McCoy is able to snap the ball and quickly get to the right side of the nose tackle to keep the behemoth out of the hole. McCoy played against an elite level of competition in 2018 including Alabama and Clemson without allowing a pressure or sack.

Here he is against the same player but this time on a pass play. McCoy has a strong anchor with a powerful upper body and usually plays with good leverage.

McCoy has no idea where his QB is going to run to or whether he is going to run at all. He keeps his block until the defender peels off to chase the QB who is escaping the pocket even though he is getting excellent protection.

This next GIFshows his speed and quickness. At 6’ 4” and over 300 lbs he ran under 4.9/40 at the Combine. This is a second level block on an ILB who McCoy outweighs by 50 lbs.

McCoy takes a great angle to cut off then get on the correct side of the ILB to make the block. The ILB never gets within 5 yards of the play. This is some excellent mobility by a powerful man. He is out and into the block in less than 2 seconds.

Here again he is able to get off the snap quickly, get to his man on the right side to make the block, and force him to be a spectator on the play.

A&M ran a hybrid zone rushing attack, but McCoy can play in any scheme and may actually be better in a power/gap attack. In the three years that McCoy started at A&M the Aggies rushed for over 2,000 yards every year.

This next play is the second play of their bowl game against N.C. State who came into the game as the 9th best defensive team against the run in the country. You see McCoy stymies the slanted nose guard then attacked the left ILB. He pushes him back off the line by a good 3 yards.

The Aggies set a bowl and school record in this game with 401 yards rushing in a 52 -13 crushing on N.C. State and their vaunted rush defense. I like watching McCoy bend his knees and explode the block into the ILB using great leverage.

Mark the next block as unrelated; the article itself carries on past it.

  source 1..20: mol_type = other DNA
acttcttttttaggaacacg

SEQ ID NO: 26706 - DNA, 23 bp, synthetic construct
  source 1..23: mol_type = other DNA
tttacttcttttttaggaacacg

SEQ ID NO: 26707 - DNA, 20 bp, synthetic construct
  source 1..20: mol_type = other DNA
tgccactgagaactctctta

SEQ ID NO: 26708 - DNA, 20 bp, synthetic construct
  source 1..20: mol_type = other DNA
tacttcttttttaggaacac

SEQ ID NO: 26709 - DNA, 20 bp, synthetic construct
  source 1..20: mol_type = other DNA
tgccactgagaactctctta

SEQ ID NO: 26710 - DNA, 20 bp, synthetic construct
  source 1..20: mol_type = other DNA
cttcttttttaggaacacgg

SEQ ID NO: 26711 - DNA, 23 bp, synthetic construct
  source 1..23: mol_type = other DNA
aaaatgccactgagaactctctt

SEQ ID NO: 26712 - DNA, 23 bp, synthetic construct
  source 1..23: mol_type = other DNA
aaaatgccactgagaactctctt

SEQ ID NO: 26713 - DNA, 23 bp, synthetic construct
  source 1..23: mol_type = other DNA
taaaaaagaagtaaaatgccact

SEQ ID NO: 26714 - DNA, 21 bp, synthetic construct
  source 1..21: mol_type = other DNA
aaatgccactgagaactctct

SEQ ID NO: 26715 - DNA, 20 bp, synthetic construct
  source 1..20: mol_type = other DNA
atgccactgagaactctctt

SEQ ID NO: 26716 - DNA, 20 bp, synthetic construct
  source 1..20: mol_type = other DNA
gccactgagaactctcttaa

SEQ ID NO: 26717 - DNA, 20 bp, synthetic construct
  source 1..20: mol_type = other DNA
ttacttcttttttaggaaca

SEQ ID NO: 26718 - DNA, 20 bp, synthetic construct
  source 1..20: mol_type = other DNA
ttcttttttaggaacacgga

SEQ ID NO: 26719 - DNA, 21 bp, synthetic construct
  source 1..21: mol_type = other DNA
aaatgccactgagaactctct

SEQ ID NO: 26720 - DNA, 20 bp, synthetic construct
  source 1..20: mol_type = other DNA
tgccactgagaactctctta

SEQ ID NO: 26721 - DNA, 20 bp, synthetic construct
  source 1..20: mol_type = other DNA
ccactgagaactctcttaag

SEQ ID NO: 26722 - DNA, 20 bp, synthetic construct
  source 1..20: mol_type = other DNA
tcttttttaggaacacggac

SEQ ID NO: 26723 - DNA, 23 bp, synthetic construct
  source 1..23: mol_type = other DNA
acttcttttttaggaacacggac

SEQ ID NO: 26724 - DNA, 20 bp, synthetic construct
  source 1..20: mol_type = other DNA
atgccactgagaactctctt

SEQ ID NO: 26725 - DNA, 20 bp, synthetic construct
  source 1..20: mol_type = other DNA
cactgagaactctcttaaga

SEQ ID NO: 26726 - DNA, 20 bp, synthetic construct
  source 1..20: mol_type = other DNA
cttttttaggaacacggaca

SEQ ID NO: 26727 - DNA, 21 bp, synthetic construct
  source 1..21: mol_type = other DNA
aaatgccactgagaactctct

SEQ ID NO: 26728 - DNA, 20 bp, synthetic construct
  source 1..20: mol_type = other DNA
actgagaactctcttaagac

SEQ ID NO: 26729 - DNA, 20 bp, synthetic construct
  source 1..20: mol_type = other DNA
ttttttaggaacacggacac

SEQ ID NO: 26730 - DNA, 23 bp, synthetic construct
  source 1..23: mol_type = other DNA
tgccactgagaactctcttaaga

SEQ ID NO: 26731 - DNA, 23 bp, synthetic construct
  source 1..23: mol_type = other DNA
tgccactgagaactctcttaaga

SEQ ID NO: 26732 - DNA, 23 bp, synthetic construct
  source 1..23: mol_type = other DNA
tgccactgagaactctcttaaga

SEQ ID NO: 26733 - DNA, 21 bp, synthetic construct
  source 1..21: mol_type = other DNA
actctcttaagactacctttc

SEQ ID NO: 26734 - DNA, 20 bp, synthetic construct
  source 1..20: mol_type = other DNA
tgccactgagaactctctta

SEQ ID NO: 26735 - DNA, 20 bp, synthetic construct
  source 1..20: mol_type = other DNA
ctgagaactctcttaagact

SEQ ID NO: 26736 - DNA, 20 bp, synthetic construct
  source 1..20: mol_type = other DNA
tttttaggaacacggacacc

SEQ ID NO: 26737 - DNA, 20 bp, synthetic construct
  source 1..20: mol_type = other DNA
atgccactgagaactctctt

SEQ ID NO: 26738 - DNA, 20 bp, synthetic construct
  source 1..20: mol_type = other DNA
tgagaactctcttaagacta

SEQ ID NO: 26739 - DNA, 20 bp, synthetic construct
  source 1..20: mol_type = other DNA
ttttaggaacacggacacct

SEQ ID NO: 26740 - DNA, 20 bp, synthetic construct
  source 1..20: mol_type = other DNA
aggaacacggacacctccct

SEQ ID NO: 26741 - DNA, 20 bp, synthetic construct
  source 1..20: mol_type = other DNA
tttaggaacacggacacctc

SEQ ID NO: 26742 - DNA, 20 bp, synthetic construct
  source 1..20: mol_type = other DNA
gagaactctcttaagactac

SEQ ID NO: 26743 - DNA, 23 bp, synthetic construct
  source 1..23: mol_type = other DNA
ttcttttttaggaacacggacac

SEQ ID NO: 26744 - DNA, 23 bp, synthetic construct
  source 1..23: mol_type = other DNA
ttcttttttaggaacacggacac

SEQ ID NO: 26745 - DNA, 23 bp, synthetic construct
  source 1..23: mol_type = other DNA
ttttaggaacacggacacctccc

This is from the same game. This time we will watch some pass blocking. When you have a mobile QB you just try and keep your opponent directly in front of you so if the QB runs to a particular side you can adjust accordingly. Or he could just throw the ball directly to the opponent.

McCoy has great hand usage and very powerful hands in general. When he gets a hold of you, you are usually done. This is the same play from the end zone look.

You see the defender tries to move to the left and right but ends up going nowhere. You can also see the strong base and wide stance that McCoy employs. Nice work.

Finally you see in this bowl game a unique play that is a different design than you are used to watching. I have never really seen this until now.

The RT splits the defenders then tries a poorly executed cut block on the LILB. The RG pulls and leads the play through the hole, and they leave McCoy to make a cut off block on both the DT and DE. The most astonishing thing is he got both guys sealed off from the play and both become bystanders.

Erik McCoy is the type of player you draft, and you never have to worry about that position again for a decade. He has not missed a game since his freshman year and is the type of player the offensive line coach will love. He is a team first, smart, alert stronghold in the middle of the line who is competitive as they come. He is a plug and play center who needs but a few adjustments. He has a solid floor and a Pro Bowl ceiling in the right system. He can be a solid foundation of a new offensive line; the first piece of the puzzle.

I currently have a mid second round grade on McCoy he has almost everything you want in a center. In a perfect world you would want him to be a more fluid athlete and he has some minor technical flaws that NFL coaching should help. His college coach Jimbo Fisher for some reason never has the best offensive line coaches. There is a real possibility that McCoy develops quite a bit more if he has better coaching.

There is more than one center worth our attention in this Draft.

What do you think?